Today, Sen. Tom Carper (D-Del.) celebrated the passage of the Agriculture Reform, Food, and Jobs Act of 2012, commonly referred to as the 2012 Farm bill. Among the provisions included in the final legislation is language championed by Sen. Carper to prioritize research to improve feed choices for the poultry, livestock and food production industries and to help safeguard conservation resources for Chesapeake Bay restoration efforts. His statement follows:
Given our nation's massive debt and deficit, one of my top priorities is to see how we in government can get better results for less money in everything we do. This farm bill is no exception, and provides an excellent opportunity to reform a process that has too often been criticized as regressive and wasteful. All told, this legislation would save the federal government $23.6 billion over the next 10 years. It diminishes wasteful spending and provides farmers with the safety net they need to continue to feed us and the rest of the world. I thank Senators Debbie Stabenow and Pat Roberts for their leadership in moving this bill forward and for their support of measures important to the farmers, citizens, and industries of the First State.
This landmark bill institutes a new crop insurance program, which gives farmers the security they need to keep farming and feeding America and the world but at a much lower cost to the American taxpayer. The legislation also focuses on nutrition, and on how we can encourage farmers to grow -- and people to eat -- more healthful foods as part of their daily diets. The bill also includes legislation -- which Senator Stabenow and I introduced earlier this year -- that would support the expansion of products made in this country from bio-based materials. These renewable materials can be used to replace petroleum in our plastics, which not only reduces our reliance on foreign oil but also protects our environment and creates new jobs in local communities throughout our country, including those in Delaware.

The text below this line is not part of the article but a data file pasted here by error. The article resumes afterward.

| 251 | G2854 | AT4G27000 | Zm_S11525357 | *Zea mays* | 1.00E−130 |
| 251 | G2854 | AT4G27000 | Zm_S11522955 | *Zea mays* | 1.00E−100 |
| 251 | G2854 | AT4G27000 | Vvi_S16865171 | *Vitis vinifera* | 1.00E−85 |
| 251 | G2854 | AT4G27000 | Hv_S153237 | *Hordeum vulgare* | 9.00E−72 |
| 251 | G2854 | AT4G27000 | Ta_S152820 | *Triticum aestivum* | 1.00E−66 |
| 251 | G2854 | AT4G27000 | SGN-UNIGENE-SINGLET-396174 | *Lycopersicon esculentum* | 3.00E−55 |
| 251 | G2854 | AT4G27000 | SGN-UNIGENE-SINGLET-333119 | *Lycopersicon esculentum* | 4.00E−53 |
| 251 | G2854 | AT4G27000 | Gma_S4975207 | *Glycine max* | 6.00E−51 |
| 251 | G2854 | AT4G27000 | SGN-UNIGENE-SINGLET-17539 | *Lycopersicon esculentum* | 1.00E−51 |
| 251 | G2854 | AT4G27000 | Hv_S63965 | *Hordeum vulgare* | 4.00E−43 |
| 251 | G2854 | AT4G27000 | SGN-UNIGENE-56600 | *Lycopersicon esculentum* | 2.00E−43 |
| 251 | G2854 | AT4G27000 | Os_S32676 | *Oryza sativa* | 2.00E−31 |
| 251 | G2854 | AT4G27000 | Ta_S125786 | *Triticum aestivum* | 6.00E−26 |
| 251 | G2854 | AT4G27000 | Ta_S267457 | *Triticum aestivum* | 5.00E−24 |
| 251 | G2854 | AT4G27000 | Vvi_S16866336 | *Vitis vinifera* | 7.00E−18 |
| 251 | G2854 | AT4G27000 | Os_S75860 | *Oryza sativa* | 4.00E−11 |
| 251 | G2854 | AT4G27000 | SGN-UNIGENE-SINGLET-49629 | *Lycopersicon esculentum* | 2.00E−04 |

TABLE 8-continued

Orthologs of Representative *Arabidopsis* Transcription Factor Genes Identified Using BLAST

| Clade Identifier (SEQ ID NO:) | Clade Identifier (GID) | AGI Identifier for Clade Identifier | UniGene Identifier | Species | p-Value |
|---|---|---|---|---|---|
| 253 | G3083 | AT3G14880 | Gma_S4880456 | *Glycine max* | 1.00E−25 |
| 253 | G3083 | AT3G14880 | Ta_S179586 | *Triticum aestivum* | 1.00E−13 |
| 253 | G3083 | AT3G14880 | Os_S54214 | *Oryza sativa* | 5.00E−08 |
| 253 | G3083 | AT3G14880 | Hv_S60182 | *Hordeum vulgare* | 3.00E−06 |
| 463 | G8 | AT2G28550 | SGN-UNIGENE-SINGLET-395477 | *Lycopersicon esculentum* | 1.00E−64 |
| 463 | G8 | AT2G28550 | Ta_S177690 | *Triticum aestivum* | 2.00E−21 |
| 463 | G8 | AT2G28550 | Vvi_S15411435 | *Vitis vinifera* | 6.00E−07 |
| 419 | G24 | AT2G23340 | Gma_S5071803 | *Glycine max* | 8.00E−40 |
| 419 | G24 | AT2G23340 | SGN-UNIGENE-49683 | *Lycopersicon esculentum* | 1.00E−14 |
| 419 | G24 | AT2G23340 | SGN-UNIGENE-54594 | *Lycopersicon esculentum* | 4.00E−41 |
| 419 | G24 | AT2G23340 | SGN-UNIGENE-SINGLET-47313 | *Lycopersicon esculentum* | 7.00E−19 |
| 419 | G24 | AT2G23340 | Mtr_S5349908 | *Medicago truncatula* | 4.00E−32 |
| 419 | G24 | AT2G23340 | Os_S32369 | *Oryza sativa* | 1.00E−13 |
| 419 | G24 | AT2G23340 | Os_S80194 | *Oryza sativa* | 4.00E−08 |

The farm bill also includes an important provision that I introduced with Senator John Boozman (R-Ark.) to help poultry growers and the poultry industry on Delmarva. Our measure will help provide poultry and food production industries with a greater variety of feed choices to use in their operations. Specifically, our amendment makes a priority at the U.S. Department of Agriculture research to improve efficiency, digestibility, and nutritional value of corn, soybean meal, cereal grains, and grain byproducts as feed for the poultry and animal agriculture industries. By improving the feed used to raise our chickens and providing the poultry industry with a greater variety of feed to use in their operations, we can help reduce costs for the poultry industry and provide consumers with affordable, high-quality food.
Another key aspect of this legislation that several of my colleagues and I fought hard to protect is a continued investment in conservation in the Chesapeake Bay Watershed. Conservation and preservation of our agricultural lands are essential to the future of agriculture in every state, especially in small states like Delaware. One-third of our state's land are part of the Chesapeake Bay Watershed, and over the past several years, farmers and conservationists in Delaware have taken great strides to protect and restore the Chesapeake Bay. The changes that my colleagues and I were successful in incorporating into this bill will ensure that resources will continue to be made available to critical conservation areas like the Chesapeake Bay so that we can continue our important work to conserve our precious environment for future generations.
This common-sense legislation saves precious taxpayer dollars, encourages healthier lifestyles, and helps our farmers, the lifeblood, literally, of this country. I urge my colleagues in the House of Representatives to follow the Senate's lead and quickly pass this bill.